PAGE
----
If you consider an entrepreneurial business which, by its very nature, many SME’s are, the leader often lacks focus. Entrepreneurs get excited by new opportunities and end up changing tack on a regular basis. Although this flexibility can at times be beneficial, this lack of focus generally ends up meaning most opportunities are never seen through to their full potential.
A marketing plan ensures all activities that are taking place, are in line with the direction the business is strategically going, rather than merely following the entrepreneurial leader’s latest idea. Without a team delivering specific marketing plans, the majority of Richard Branson’s visions would never have seen the light of day.
#2 Enables you to plan and manage resources effectively
Most businesses we work with do not have a marketing strategy or marketing plan in place at the very beginning. This is also mirrored by the fact that they also do not have a marketing budget set aside for the business, nor a dedicated member of staff to focus on marketing.
The main reason for a lack of budget, or resource, is the fact that they don’t really know what they need, or what they should be doing. With a clear marketing strategy and marketing plan in place, it enables the business to understand what sort of budget they need to set aside, for what specific activities, and what level of resource they need to deliver it.
Resource doesn’t always mean internal manpower. After all, some activities can be outsourced to specialist providers such as a web agency, social media agency or a marketing consultant. Alternatively, it may help the business realise it is in their best interests to have a dedicated full-time marketing manager, executive or assistant.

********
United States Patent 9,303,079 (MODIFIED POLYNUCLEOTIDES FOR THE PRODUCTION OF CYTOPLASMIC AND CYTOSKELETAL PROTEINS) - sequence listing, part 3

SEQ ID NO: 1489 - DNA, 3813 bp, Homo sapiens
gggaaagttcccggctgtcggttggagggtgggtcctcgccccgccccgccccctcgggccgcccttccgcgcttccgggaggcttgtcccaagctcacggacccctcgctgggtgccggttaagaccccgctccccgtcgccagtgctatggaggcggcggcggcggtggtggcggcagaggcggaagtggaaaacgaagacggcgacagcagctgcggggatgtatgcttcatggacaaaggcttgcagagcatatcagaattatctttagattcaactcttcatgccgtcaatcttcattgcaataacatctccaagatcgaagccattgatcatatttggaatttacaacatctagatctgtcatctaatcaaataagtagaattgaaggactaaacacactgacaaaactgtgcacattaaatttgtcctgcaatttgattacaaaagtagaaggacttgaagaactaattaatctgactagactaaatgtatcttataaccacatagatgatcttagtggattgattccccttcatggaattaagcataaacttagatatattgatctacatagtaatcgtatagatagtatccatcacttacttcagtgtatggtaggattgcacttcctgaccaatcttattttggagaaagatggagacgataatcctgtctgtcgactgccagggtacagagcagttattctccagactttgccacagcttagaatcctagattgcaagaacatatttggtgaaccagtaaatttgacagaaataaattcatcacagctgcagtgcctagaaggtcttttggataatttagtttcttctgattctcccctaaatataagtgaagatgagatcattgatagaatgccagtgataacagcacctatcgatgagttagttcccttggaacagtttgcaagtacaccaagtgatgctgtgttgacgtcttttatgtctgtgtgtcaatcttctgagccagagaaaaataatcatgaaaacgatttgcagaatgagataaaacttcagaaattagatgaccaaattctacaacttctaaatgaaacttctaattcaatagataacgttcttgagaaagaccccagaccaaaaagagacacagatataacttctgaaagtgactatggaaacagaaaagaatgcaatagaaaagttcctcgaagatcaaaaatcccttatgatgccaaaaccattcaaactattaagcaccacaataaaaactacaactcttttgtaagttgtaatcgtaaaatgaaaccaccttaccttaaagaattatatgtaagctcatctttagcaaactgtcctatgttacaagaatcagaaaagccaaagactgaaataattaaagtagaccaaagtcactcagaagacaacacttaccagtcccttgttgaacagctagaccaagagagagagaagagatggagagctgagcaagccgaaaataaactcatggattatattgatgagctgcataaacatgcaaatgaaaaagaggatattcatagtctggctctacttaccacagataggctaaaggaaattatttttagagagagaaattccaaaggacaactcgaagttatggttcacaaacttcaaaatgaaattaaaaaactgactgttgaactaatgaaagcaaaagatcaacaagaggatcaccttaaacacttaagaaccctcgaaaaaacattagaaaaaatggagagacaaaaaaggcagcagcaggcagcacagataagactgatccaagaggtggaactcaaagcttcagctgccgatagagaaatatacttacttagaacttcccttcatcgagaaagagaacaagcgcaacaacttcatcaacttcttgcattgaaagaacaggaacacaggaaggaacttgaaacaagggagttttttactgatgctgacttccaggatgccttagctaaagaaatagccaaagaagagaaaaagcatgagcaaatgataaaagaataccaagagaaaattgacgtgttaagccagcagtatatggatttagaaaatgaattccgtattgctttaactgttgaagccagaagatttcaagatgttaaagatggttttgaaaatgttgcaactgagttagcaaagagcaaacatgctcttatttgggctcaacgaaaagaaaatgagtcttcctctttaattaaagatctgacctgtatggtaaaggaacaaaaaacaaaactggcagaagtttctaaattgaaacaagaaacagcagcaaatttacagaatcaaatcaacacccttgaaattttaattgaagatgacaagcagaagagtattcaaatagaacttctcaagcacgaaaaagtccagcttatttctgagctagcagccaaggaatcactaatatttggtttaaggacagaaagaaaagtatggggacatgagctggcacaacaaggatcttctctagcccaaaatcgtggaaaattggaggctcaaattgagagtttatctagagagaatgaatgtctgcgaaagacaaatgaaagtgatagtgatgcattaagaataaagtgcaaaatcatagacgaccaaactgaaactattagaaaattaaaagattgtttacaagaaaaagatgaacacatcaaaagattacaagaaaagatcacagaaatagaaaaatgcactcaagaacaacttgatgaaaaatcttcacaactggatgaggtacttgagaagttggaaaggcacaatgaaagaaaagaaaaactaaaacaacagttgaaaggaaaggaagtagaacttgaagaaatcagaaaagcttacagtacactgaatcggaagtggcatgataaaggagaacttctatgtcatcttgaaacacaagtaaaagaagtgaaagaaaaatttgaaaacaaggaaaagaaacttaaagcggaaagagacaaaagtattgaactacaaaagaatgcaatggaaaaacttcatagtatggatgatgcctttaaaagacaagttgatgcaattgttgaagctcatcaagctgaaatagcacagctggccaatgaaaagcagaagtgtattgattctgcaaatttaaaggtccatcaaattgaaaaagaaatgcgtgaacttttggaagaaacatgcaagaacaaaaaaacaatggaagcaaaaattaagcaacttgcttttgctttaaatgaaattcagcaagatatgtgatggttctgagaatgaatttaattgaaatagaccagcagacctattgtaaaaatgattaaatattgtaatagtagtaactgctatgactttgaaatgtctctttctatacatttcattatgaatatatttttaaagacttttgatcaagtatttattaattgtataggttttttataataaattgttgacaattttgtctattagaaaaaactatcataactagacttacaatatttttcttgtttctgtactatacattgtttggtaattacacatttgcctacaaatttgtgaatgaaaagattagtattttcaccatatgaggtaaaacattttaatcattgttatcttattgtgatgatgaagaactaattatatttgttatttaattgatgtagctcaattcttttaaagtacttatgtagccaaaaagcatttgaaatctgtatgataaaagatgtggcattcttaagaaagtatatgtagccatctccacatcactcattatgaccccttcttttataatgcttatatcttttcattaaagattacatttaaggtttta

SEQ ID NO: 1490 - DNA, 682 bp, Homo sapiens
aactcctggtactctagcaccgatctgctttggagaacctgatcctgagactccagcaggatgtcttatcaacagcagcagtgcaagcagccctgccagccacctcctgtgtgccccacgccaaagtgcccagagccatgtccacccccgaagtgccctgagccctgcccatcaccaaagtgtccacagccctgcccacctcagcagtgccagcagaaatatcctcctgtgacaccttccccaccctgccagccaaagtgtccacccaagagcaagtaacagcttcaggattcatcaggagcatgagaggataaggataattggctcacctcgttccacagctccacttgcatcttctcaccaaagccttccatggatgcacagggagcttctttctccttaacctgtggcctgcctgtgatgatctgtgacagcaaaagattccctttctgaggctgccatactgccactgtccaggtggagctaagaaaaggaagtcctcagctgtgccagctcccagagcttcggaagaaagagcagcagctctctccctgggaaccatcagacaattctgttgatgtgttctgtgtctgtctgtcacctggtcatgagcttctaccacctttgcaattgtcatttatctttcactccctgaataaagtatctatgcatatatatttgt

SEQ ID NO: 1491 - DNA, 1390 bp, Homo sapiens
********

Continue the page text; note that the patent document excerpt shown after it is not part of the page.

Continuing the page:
The final area of resource a marketing plan can help manage is your time. With a clear plan of action and an activity schedule in place it avoids any procrastination or getting side-tracked by time-consuming activities which aren’t in the plan and can lead you off-piste.
#3 A marketing plan provides transparency
Ultimately a marketing strategy and accompanying marketing plan of action is designed to generate a positive return on investment from your total marketing spend. Unless it is adding more profits to the business, than the costs it incurs – what is the point? A marketing plan will have some measurable metrics that can be tracked, tested and measured over regular periods of time.
For example, one area of the marketing plan may be to improve the ranking of the company’s website through an SEO strategy which focusses on site content. If you know this is a key objective, which should lead to more traffic and more leads in the pipeline, it is then easy to measure metrics such as website traffic levels, Google rankings, and online enquiry levels to gauge how effective this part of the plan is performing.
The above example can be replicated across many areas of marketing activity. This then provides total transparency how each element of the marketing plan is performing in its contributory role to the overarching marketing strategy.